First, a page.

New Technology Helps Detect Epigenetic Changes Important to Disease

Professor of Molecular and Integrative Physiology Ann M. Nardulli and colleagues at the University of Illinois and the Mayo Clinic have created a new technique for identifying methylated DNA, a modification to our genetic material that has been shown to correlate with the disease severity and metastasis ability of various types of cancers.

Professor of Molecular and Integrative Physiology Ann M. Nardulli and colleagues at the University of Illinois and the Mayo Clinic have created a new technique for identifying methylated DNA, a modification to our genetic material that has been shown to correlate with the disease severity and metastasis ability of various types of cancers.

Genetics has been a hot topic among biologists since Watson and Crick first discovered the structure of DNA, the molecule that encodes the information in all living things. As important as the DNA itself is, scientists are now finding that the study of epigenetics, a word that literally means “on top of genetics” and refers to additional chemical modifications to DNA, may give us clues to the causes of human diseases.

Methylation, the addition of a –CH3 group to a molecule, is one of the most highly characterized epigenetic modifications. The addition of this little group has been shown to cause changes in gene expression, and often contributes to the induction and development of certain diseases like cancer.

While the analysis of these methylation patterns may point to novel ways to diagnose and treat these diseases, the current techniques for these analyses are labor intensive and require large sample volumes of DNA for accuracy.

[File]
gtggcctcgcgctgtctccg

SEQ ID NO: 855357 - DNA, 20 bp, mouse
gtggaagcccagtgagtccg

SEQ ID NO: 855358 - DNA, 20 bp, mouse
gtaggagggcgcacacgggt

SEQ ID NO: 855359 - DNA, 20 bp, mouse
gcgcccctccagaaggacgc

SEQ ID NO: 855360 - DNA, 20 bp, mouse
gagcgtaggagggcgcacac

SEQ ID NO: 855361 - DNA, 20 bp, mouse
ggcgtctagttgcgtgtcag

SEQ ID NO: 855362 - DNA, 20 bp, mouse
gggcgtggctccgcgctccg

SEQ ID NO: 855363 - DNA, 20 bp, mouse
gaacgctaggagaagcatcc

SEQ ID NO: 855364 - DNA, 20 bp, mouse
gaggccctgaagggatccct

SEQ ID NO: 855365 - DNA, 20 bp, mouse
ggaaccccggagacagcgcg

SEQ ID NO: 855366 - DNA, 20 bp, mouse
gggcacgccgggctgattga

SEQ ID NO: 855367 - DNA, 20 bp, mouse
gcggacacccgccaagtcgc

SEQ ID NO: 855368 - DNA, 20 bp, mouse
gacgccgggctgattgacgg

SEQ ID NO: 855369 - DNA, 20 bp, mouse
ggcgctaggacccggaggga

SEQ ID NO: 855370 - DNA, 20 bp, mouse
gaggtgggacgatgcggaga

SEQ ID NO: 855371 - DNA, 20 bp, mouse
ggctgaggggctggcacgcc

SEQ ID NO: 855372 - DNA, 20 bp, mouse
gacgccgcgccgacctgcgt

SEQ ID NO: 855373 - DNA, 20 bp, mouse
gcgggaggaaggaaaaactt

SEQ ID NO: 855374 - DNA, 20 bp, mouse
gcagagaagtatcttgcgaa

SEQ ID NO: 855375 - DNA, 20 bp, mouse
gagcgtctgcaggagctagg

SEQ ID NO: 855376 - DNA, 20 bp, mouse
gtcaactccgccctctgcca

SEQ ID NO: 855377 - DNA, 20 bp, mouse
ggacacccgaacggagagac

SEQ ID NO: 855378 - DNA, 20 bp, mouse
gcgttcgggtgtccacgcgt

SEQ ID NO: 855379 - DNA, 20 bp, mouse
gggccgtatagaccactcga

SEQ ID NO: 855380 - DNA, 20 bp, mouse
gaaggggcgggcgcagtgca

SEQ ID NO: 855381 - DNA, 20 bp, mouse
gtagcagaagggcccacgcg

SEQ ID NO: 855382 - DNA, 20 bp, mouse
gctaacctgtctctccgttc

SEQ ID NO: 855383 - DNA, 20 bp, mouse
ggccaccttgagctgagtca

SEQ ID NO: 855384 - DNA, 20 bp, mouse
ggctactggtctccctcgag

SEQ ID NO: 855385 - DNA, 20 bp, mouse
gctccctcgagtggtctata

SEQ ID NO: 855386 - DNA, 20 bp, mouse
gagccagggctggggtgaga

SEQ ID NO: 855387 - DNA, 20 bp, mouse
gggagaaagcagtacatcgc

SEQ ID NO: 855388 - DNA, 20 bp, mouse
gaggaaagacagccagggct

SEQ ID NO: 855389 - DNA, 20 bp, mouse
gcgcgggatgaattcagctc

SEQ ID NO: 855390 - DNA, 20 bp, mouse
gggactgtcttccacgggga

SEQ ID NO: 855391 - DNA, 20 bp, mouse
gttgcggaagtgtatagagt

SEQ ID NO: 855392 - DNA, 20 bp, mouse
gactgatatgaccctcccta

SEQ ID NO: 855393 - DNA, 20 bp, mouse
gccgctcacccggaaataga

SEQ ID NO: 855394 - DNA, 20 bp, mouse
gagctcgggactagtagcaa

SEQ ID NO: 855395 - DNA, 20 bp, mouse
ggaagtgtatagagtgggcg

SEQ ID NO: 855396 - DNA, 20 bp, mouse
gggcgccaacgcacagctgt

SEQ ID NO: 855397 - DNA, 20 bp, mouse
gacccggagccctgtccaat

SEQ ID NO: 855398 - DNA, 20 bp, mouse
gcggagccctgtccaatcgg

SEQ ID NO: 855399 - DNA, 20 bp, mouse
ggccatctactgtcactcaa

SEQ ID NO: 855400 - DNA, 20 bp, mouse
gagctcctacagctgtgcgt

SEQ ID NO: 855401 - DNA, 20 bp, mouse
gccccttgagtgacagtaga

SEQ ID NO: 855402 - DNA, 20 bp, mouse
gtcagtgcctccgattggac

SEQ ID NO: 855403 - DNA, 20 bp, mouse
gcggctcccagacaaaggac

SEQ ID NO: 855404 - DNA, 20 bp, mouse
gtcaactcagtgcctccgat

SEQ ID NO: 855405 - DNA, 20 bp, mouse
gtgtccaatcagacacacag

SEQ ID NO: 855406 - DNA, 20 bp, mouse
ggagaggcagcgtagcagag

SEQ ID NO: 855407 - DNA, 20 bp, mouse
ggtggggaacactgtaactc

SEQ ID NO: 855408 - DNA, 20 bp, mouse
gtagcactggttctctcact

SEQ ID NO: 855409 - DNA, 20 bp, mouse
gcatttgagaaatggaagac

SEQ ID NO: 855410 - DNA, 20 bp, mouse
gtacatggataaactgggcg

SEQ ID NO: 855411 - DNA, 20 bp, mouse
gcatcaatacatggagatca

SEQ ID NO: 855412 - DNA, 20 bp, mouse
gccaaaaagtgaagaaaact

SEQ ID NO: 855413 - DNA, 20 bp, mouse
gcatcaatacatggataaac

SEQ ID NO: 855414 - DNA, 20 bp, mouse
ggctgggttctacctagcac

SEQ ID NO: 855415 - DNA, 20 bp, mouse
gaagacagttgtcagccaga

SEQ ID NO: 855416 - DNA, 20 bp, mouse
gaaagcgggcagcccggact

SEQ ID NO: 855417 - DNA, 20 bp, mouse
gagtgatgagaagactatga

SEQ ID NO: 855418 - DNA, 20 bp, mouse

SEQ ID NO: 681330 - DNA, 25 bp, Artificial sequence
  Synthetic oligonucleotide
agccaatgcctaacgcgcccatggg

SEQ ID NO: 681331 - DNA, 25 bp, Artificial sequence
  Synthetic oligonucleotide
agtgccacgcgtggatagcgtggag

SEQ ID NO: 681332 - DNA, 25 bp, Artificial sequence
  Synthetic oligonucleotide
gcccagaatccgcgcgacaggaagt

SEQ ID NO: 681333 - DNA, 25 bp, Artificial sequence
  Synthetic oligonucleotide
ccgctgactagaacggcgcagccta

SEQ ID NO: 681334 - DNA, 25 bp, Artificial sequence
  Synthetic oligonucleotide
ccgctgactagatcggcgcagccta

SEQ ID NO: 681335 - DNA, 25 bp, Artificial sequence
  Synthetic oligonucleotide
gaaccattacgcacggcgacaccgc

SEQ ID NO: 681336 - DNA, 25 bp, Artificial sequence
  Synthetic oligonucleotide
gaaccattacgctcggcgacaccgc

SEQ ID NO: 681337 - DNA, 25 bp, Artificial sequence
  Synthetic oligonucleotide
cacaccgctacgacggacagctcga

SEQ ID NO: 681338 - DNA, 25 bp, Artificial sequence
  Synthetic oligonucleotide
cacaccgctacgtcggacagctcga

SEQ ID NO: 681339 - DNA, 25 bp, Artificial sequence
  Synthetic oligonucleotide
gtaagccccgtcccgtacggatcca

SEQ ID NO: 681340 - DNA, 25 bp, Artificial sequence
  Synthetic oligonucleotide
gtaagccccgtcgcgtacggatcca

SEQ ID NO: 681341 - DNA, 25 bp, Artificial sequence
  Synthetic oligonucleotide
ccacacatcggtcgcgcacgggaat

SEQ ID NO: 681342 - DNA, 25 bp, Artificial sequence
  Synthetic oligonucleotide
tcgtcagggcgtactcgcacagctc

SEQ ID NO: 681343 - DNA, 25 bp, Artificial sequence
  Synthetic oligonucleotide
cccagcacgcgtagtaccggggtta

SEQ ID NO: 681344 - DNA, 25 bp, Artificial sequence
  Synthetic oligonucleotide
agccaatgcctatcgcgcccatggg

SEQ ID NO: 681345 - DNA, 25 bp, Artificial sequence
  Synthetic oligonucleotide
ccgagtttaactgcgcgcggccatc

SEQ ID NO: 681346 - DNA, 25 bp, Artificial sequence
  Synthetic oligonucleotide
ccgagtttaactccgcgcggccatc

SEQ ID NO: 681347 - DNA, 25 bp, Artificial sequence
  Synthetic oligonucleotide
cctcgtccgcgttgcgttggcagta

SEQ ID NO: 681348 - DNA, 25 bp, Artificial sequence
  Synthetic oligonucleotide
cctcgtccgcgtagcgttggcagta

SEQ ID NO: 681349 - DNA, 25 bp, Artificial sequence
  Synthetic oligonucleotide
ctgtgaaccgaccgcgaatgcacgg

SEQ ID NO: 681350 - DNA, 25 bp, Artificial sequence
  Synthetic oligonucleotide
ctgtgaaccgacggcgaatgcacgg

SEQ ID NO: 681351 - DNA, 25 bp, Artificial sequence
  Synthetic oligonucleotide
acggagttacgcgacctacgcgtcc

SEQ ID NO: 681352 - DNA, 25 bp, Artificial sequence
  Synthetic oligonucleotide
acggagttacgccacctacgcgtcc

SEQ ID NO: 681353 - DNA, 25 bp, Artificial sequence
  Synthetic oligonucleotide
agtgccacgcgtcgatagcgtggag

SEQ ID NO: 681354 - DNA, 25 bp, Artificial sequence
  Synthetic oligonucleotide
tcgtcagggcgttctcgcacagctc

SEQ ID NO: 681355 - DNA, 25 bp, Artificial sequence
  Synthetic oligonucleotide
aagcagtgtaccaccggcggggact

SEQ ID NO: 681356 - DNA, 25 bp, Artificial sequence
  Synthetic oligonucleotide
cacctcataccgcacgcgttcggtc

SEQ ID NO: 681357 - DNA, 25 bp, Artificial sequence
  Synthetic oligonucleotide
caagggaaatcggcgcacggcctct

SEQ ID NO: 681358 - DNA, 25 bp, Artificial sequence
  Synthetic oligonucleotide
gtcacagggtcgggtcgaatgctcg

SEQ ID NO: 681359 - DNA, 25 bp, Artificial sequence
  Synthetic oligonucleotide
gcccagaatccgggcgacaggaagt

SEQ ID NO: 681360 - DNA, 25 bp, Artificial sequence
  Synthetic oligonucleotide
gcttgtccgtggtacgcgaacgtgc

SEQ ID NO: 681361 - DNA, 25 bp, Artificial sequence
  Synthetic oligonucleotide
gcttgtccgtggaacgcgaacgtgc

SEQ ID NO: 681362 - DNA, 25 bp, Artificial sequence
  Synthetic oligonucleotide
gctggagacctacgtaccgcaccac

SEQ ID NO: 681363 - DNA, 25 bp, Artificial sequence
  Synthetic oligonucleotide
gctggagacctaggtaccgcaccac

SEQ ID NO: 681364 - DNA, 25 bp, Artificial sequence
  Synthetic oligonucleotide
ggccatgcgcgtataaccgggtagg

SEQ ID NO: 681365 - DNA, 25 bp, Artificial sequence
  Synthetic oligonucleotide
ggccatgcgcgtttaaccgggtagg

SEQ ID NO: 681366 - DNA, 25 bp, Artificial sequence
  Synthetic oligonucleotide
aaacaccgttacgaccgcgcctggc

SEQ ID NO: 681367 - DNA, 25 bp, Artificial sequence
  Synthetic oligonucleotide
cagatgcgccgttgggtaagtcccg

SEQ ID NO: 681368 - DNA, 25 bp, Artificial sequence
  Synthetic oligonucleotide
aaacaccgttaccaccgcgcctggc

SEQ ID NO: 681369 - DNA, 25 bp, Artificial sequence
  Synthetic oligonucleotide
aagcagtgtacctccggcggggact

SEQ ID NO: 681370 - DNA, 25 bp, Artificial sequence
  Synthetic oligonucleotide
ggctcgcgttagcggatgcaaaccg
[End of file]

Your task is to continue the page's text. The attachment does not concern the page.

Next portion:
The researchers have now developed a single-molecule test for DNA methylation using a synthetic membrane with a hole in it, known as a nanopore, which lets only one molecule pass through it to be identified. DNA is negatively charged and is able to pass through a nanopore due to charge differences on either side of the membrane. The side of the membrane that the DNA begins on is negatively charged, which repels the similarly-charged DNA, while the side that the DNA is supposed to go to is positively charged, which attracts the DNA through the nanopore. This movement creates a characteristic electrical current reading.

The scientists were able to label methylated DNA bases with a protein called MBD1 which binds to these modified bases, while leaving unmethylated DNA bases unlabeled. Because DNA bound to the MBD1 protein has a larger diameter than the nanopore’s diameter, it will not migrate through the pore, creating a different electrical current reading than that shown when the non-methylated, unlabeled DNA passes through the nanopore. This allows scientists to differentiate non-methylated and methylated DNA simply by measuring the electrical current.

While more research and development of this test is necessary to refine the process, the future clinical applications for this technology will be invaluable. Scientists may soon be able to quantify and map the locations of the MBD-1 proteins bound to target DNA molecules, providing more information and a detection method for diseases that have a characteristic methylation pattern.

The paper, “Detection and Quantification of Methylation in DNA using Solid-State Nanopores,” appears in Scientific Reports.
Read more about the Mayo-Illinois Alliance.

March 28, 2013 All News